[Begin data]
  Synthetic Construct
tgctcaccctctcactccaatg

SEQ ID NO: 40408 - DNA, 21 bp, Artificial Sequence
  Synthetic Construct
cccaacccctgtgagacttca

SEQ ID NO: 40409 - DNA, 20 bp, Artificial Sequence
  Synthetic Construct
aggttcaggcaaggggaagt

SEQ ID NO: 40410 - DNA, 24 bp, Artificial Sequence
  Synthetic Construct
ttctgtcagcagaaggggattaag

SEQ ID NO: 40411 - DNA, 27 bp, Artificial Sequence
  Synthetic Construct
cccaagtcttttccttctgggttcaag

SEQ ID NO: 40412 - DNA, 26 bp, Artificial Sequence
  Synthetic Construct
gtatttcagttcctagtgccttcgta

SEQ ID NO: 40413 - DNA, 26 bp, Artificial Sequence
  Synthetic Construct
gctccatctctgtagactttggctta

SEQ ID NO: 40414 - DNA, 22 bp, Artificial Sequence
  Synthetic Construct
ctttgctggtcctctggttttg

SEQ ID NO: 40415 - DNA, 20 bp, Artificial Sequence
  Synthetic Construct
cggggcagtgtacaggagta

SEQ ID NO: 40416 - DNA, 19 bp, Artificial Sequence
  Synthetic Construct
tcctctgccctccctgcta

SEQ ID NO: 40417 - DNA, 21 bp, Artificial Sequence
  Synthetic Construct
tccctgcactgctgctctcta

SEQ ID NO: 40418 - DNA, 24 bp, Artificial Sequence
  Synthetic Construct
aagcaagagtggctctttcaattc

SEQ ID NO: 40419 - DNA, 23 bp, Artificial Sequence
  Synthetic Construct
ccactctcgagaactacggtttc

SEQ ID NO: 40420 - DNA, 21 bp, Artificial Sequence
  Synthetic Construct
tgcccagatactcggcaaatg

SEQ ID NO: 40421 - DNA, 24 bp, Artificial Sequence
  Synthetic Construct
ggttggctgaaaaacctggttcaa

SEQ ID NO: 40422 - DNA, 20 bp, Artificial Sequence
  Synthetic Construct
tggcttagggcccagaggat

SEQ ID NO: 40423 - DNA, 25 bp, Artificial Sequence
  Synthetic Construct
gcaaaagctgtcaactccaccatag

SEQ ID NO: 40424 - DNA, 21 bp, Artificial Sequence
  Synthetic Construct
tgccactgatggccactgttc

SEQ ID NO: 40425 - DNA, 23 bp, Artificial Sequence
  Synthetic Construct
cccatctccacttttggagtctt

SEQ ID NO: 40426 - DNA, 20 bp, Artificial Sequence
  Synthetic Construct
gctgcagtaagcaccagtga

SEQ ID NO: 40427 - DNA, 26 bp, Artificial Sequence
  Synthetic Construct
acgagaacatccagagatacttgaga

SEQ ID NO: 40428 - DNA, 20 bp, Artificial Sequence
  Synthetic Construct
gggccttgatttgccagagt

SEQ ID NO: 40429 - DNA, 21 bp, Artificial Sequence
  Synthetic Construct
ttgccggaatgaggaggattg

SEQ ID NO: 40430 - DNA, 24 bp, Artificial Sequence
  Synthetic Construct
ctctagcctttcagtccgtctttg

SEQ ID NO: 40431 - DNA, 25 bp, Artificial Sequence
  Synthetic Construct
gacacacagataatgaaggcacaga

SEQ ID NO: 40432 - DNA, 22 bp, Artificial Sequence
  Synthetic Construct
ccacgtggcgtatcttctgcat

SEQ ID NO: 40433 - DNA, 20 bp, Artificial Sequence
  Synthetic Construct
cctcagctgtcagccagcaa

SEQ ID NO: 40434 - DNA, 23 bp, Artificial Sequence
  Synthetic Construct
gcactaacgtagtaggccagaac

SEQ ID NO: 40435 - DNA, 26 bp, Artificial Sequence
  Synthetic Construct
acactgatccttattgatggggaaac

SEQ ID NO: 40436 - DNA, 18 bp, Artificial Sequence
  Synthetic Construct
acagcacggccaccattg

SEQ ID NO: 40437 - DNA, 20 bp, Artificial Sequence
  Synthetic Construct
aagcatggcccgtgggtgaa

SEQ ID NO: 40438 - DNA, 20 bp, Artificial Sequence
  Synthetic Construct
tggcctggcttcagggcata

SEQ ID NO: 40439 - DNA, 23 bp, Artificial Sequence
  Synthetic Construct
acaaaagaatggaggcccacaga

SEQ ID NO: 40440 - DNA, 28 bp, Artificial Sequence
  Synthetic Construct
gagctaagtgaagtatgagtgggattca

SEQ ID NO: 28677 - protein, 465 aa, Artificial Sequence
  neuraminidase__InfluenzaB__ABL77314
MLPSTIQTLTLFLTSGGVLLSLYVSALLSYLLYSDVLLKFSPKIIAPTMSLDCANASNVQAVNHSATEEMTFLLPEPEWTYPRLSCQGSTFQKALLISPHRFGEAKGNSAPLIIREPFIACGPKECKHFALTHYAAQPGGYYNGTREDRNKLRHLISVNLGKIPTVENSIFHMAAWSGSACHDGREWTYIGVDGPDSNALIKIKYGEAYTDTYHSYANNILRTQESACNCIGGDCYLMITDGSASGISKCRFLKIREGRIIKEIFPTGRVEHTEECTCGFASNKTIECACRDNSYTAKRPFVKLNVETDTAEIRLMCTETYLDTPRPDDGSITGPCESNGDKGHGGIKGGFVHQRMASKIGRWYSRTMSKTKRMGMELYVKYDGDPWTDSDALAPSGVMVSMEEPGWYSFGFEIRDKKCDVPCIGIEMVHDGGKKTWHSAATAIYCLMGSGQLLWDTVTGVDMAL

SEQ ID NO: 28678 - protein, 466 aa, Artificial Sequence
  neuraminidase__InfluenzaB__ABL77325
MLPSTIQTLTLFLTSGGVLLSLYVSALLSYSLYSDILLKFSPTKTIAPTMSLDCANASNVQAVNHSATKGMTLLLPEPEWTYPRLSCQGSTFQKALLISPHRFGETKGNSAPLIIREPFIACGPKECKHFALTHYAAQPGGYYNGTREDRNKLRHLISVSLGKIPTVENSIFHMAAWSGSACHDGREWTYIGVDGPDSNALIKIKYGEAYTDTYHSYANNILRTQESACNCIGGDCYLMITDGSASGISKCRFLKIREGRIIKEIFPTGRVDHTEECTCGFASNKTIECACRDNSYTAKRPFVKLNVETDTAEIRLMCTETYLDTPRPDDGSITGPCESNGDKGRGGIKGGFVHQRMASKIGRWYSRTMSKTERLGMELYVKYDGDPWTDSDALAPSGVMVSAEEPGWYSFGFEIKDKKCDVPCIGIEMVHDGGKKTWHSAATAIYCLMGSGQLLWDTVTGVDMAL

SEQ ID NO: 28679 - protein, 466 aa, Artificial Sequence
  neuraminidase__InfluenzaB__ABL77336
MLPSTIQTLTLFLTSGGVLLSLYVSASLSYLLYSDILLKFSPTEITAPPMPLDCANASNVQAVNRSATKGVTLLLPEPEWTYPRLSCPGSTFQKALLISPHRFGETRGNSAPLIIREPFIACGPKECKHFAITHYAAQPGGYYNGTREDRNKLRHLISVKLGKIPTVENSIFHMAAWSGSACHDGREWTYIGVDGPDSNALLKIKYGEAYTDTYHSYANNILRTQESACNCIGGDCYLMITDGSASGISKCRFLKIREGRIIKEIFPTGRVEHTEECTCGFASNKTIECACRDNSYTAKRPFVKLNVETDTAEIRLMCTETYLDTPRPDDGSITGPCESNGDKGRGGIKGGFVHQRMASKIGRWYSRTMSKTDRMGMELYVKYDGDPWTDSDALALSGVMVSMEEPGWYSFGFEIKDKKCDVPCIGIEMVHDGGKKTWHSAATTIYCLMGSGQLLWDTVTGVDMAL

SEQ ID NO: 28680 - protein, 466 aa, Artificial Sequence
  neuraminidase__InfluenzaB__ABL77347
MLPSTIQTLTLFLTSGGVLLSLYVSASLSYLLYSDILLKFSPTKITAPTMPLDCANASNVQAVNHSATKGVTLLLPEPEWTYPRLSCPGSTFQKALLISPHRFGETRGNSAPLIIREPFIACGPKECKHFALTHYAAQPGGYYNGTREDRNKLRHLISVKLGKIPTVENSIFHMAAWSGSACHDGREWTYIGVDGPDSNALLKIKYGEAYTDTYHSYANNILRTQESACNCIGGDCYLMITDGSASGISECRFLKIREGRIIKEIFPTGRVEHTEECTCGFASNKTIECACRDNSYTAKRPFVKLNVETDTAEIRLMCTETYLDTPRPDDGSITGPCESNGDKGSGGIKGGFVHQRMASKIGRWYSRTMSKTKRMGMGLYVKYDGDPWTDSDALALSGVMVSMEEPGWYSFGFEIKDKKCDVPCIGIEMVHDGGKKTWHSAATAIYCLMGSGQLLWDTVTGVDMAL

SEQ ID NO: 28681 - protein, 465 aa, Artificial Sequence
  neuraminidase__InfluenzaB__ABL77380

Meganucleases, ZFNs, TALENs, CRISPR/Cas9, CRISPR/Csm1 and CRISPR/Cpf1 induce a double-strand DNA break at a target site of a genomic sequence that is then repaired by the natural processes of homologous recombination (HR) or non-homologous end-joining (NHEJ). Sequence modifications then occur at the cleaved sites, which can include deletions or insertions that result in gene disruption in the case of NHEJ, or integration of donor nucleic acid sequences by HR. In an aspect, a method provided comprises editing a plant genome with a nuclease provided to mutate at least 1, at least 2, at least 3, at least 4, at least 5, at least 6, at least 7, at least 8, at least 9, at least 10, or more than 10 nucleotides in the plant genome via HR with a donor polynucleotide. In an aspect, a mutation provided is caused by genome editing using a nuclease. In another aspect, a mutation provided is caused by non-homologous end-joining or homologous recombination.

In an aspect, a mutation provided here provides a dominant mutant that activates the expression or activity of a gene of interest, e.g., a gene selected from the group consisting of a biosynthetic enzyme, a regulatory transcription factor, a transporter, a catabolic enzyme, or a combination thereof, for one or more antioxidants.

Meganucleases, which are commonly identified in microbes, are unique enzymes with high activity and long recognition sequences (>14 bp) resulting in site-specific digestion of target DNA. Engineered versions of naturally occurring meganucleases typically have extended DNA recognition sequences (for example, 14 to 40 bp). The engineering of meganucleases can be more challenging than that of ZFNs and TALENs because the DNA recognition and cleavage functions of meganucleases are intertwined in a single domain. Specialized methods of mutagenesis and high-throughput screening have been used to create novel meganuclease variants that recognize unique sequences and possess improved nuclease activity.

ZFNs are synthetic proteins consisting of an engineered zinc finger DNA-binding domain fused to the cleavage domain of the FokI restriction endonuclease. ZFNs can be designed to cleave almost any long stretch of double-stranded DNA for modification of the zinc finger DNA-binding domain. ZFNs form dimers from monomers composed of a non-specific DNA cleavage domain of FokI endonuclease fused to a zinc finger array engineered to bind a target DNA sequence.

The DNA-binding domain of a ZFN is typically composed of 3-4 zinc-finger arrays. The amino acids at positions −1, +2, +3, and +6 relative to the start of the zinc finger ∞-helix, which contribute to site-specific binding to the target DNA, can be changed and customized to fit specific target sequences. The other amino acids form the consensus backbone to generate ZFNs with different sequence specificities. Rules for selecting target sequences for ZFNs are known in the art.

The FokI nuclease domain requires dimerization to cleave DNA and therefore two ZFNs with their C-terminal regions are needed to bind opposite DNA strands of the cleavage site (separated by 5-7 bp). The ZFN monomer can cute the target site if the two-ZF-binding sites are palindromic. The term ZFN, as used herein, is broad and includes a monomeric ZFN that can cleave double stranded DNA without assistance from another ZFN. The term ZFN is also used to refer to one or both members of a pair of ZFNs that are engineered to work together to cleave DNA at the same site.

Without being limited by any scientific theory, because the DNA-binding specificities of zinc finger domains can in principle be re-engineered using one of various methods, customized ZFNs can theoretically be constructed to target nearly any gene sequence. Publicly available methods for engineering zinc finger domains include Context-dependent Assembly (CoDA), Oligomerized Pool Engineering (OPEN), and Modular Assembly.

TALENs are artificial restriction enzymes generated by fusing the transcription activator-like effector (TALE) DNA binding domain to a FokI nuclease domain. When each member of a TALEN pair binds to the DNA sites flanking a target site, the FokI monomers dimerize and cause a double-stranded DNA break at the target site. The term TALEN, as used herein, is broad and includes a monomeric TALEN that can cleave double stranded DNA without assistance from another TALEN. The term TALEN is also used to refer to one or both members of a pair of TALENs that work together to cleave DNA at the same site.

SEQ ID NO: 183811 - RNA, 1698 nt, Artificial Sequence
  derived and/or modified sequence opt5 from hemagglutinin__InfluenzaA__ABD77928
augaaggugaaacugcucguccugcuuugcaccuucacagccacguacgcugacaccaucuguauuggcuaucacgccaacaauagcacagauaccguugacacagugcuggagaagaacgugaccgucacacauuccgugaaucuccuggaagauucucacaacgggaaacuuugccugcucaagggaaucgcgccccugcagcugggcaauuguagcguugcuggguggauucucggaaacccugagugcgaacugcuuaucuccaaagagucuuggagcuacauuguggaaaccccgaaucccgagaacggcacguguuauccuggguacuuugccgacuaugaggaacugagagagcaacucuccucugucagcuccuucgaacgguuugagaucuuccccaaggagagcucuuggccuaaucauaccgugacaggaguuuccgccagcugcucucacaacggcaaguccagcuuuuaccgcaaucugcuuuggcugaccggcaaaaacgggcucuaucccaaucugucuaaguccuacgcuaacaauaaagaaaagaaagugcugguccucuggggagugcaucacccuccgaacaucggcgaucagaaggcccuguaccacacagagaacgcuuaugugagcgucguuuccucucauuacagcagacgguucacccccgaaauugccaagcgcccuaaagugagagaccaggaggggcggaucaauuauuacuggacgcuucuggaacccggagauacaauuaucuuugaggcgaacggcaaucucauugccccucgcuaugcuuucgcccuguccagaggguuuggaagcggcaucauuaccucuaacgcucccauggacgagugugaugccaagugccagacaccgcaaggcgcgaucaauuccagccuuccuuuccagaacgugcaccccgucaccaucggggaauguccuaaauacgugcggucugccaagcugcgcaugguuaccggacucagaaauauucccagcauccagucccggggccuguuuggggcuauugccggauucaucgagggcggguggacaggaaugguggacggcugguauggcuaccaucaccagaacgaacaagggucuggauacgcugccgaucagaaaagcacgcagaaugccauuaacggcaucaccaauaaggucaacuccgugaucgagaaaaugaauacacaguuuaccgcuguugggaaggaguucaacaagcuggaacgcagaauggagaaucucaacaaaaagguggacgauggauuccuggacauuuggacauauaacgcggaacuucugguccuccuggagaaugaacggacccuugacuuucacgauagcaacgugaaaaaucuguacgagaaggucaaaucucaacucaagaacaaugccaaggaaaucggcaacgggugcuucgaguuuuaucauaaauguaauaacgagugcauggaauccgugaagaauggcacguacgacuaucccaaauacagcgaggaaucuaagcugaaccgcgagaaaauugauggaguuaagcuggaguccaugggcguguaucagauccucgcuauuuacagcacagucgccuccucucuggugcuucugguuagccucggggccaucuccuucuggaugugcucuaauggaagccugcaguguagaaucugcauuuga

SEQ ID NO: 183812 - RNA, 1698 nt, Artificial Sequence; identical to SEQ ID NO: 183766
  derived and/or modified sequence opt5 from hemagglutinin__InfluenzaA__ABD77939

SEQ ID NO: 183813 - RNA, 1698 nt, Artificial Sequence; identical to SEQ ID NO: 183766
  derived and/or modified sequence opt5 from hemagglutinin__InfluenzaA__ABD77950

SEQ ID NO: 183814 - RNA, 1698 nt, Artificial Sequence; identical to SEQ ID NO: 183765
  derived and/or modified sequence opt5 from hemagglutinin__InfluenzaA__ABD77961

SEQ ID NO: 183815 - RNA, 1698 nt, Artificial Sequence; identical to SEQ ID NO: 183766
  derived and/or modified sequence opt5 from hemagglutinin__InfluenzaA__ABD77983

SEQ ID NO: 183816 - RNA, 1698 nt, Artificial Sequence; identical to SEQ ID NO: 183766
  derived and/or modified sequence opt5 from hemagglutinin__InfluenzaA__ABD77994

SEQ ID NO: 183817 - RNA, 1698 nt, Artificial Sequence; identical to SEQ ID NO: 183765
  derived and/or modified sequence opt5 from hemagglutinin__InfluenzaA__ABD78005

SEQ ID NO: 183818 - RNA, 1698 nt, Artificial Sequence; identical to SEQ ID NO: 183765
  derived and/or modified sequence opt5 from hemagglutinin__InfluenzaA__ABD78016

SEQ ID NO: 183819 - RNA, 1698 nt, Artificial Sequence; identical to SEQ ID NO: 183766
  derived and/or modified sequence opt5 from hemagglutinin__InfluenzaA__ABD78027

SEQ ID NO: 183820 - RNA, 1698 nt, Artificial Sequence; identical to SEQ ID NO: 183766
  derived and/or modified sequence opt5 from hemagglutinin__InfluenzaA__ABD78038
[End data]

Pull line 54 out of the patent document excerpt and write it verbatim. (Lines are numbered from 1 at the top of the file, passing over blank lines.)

SEQ ID NO: 40425 - DNA, 23 bp, Artificial Sequence